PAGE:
Study Shows Millennials Want Business to Put People Over Profit
According to the Deloitte Millennial Survey 2016, two-thirds of millennials in the workplace will want to leave their organizations by 2020. That's a staggering statistic, particularly in today's office culture in which ping-pong tables, regular team happy hours, and dog-friendly Fridays, seem to abound.
So, what gives? Well, Deloitte's report suggests that what millennials are really, really looking for, is a shift away from a profit-centric business focus, to a culture that's focused on purpose. In that ideal, people are at the core of business operations and strategies.
Yes, survey results indicate that business is moving in the right direction, compared to previous years. For example, millennials are more likely than last year to agree that businesses “behave in an ethical manner” (58 percent versus 52 percent) and that “their leaders are committed to helping improve society” (57 percent versus 53 percent). While that's encouraging, the report finds that a majority (54 percent) still feel that businesses have "no ambition beyond making money."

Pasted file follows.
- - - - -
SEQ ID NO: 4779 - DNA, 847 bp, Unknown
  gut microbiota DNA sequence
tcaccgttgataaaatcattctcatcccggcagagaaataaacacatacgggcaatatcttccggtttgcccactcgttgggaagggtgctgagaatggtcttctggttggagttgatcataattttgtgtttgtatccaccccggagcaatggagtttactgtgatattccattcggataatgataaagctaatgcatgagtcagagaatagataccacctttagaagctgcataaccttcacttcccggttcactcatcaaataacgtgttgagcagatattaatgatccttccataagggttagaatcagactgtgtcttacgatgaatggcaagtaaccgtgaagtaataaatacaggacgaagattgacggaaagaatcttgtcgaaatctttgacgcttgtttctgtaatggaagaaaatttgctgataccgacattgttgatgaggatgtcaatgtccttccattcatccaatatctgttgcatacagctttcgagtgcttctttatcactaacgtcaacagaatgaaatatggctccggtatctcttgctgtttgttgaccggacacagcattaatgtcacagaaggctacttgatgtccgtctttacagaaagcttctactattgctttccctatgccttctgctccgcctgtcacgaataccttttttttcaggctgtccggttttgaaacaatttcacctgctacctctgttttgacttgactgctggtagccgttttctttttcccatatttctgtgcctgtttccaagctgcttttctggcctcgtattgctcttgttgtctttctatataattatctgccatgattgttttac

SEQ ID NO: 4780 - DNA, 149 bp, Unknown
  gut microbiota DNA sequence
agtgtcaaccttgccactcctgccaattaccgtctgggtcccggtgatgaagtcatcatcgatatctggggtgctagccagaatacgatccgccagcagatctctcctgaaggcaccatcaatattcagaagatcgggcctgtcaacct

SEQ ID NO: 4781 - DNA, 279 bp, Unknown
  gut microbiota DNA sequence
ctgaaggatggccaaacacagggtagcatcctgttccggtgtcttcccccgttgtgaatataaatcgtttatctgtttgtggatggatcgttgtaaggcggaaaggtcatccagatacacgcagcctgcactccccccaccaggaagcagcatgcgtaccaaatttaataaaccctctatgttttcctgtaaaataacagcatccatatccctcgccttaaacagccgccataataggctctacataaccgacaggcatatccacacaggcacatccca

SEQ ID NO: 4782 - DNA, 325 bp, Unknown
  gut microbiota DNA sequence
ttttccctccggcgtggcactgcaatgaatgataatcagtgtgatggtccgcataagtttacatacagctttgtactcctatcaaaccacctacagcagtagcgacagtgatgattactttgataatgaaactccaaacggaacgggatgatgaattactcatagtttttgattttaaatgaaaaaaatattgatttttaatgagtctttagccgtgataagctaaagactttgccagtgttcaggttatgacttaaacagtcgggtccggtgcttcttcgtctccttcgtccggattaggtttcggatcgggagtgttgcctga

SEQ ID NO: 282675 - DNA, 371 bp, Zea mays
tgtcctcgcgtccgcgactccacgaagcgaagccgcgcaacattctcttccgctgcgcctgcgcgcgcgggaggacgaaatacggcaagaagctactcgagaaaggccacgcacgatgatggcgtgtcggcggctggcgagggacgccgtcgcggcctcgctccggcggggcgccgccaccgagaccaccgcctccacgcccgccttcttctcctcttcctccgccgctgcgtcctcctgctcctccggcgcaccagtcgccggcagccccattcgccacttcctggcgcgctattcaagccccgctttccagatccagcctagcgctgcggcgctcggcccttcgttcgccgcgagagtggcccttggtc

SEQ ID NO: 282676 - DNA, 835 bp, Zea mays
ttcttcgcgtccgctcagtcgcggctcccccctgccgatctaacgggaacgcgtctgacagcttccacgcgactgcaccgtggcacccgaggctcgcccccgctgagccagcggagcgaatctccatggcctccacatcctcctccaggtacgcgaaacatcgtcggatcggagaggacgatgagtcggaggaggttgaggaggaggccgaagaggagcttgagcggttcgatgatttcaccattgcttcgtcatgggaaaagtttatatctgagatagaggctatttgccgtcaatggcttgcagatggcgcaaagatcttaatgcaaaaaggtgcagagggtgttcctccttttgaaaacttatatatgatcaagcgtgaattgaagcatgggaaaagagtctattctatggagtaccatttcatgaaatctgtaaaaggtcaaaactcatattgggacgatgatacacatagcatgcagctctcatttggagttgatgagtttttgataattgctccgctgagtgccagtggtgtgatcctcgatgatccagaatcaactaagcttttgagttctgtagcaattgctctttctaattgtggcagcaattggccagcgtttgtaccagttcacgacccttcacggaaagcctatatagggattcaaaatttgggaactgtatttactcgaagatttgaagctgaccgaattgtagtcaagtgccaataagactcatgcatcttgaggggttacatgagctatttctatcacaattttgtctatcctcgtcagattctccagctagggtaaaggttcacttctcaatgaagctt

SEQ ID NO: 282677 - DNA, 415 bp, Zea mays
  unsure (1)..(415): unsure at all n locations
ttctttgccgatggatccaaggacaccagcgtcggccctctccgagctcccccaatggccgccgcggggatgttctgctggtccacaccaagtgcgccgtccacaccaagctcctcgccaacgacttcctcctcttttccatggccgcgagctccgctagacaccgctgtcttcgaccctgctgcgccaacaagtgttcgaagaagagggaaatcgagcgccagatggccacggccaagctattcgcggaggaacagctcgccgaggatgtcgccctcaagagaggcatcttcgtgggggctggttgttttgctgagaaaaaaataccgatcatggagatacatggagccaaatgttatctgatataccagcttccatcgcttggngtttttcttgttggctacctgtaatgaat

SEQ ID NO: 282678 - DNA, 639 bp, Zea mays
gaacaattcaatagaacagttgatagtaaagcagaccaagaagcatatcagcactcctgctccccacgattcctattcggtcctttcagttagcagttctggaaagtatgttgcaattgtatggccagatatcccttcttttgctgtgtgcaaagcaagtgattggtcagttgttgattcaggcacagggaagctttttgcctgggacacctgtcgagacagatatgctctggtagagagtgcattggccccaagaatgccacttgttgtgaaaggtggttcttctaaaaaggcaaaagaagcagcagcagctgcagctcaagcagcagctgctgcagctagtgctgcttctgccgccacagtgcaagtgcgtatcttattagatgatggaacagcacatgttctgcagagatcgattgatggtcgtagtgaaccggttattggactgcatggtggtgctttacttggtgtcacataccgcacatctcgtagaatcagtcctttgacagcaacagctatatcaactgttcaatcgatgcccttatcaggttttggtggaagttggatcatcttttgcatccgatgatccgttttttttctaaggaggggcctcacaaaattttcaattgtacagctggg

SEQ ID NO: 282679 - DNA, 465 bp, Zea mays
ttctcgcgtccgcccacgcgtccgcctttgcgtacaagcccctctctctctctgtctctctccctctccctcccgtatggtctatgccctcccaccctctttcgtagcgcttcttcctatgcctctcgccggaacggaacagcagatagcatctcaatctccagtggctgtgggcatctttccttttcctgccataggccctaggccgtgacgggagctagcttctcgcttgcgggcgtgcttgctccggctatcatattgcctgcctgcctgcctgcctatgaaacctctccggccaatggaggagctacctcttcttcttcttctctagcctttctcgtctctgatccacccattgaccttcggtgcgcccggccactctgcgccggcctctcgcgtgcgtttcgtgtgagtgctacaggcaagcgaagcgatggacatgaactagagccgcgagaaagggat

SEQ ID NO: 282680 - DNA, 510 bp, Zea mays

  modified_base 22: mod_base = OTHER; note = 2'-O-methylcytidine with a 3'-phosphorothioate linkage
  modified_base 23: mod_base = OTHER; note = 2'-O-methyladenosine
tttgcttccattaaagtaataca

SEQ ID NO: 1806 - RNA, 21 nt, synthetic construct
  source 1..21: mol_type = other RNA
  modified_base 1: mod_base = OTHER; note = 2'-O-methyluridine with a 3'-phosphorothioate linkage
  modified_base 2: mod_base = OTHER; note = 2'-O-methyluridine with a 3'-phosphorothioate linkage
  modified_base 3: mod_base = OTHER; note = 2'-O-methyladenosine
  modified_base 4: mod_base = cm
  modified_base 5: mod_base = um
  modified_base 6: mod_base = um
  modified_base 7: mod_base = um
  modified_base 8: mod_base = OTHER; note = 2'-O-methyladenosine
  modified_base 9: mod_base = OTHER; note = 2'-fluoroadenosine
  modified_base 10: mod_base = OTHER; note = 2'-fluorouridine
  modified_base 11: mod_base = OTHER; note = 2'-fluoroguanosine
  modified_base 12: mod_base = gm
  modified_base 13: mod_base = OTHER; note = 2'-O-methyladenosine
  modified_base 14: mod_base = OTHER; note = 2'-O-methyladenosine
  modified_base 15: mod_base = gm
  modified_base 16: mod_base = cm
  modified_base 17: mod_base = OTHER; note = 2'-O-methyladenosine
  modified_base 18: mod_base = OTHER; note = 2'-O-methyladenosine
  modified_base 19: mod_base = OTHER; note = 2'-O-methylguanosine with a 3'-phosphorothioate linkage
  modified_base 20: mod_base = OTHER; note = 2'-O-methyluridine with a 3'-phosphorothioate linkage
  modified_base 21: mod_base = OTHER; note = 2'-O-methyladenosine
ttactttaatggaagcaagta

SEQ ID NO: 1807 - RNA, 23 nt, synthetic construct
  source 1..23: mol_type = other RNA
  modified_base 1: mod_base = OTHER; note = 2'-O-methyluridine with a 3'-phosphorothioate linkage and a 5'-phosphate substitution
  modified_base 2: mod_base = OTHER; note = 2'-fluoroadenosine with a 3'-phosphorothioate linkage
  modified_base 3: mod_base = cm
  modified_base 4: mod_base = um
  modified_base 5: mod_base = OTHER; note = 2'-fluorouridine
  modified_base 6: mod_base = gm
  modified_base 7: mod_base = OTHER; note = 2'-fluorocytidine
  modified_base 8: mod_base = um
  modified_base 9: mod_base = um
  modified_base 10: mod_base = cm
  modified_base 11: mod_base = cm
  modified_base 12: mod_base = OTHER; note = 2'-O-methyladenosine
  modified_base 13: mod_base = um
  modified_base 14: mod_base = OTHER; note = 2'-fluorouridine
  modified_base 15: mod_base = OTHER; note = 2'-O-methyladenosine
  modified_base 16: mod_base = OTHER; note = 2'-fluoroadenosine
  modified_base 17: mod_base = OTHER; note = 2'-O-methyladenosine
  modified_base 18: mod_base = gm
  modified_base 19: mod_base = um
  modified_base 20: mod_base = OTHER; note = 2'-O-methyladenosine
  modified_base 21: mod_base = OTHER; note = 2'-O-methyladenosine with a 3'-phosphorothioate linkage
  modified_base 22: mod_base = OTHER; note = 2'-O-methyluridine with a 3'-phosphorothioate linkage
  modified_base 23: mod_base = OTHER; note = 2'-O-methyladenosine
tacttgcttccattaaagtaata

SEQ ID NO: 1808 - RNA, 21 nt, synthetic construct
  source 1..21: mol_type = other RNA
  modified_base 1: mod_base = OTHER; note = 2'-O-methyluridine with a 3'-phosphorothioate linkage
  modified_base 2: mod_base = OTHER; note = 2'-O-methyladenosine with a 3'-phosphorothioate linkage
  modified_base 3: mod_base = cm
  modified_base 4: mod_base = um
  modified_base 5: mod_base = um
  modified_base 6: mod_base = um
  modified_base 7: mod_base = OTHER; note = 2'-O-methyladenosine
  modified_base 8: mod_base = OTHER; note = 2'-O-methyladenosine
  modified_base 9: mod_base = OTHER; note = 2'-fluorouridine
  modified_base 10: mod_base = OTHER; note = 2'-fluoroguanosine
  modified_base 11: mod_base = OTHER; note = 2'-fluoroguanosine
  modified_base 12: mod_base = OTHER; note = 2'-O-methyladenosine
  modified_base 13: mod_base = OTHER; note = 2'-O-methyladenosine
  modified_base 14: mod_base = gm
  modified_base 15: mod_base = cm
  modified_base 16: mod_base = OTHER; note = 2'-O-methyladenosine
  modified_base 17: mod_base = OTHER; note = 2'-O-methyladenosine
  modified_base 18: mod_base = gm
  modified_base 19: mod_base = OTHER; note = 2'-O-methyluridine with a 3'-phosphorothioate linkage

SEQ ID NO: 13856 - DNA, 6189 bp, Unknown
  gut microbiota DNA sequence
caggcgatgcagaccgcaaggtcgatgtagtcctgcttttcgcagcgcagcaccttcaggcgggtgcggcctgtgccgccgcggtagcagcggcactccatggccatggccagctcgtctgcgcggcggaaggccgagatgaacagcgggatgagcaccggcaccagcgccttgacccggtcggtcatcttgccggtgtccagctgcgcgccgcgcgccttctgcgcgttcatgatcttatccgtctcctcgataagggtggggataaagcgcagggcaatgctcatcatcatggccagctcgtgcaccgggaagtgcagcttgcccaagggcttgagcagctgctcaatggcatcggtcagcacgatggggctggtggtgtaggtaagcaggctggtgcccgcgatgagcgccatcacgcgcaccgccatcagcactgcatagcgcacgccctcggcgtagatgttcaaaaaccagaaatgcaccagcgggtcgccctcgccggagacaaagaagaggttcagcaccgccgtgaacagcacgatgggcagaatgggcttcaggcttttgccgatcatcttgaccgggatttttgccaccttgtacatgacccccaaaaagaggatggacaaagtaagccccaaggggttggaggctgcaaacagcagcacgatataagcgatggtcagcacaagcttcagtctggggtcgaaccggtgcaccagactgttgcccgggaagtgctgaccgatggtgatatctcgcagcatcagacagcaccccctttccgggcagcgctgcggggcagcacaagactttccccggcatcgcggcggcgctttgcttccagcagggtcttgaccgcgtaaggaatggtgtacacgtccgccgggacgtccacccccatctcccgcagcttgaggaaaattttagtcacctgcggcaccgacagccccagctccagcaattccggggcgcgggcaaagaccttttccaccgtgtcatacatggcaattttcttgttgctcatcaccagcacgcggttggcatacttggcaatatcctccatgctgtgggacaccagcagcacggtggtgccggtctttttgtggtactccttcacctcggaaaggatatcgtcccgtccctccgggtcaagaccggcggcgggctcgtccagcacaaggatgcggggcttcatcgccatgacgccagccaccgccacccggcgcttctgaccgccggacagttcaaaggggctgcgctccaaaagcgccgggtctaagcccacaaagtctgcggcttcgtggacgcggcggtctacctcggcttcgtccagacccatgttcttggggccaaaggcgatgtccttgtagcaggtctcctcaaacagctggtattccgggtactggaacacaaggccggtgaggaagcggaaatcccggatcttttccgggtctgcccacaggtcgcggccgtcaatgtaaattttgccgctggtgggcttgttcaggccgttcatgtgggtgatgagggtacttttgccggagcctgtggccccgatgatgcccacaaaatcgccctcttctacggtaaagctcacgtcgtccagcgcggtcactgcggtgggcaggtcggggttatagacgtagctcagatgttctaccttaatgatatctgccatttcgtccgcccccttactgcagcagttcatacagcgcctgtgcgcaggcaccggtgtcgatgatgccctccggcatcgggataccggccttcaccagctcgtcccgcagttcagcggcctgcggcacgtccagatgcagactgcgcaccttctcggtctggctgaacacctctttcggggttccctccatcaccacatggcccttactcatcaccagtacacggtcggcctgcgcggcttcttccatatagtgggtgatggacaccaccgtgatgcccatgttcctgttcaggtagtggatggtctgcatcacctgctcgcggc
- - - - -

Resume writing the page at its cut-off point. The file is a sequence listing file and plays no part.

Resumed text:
Putting employees at the core of business is one of the ways that organizations could increase workforce retention, motivation, and satisfaction. Greater employee engagement may be a critical part of that. Our 2015 Corporate Citizenship Conference, Connect the Dots: How Businesses Solve Global Challenges Locally, had several panels and discussions on that very topic.
In past years' studies, there has been a gap between millennials' priorities and those of leadership. This year, however, that divide seems to have shrunk. Now, company leaders are recognizing more and more that business needs to put people over profit.
Good corporate citizenship strategies are a huge part of that, and CCC is a great resource for developing those programs. From what this study tells us, there's a big opportunity for business to bridge the gap from profit to people. Recognizing the value of corporate citizenship as the foundation of good business might just be the first step.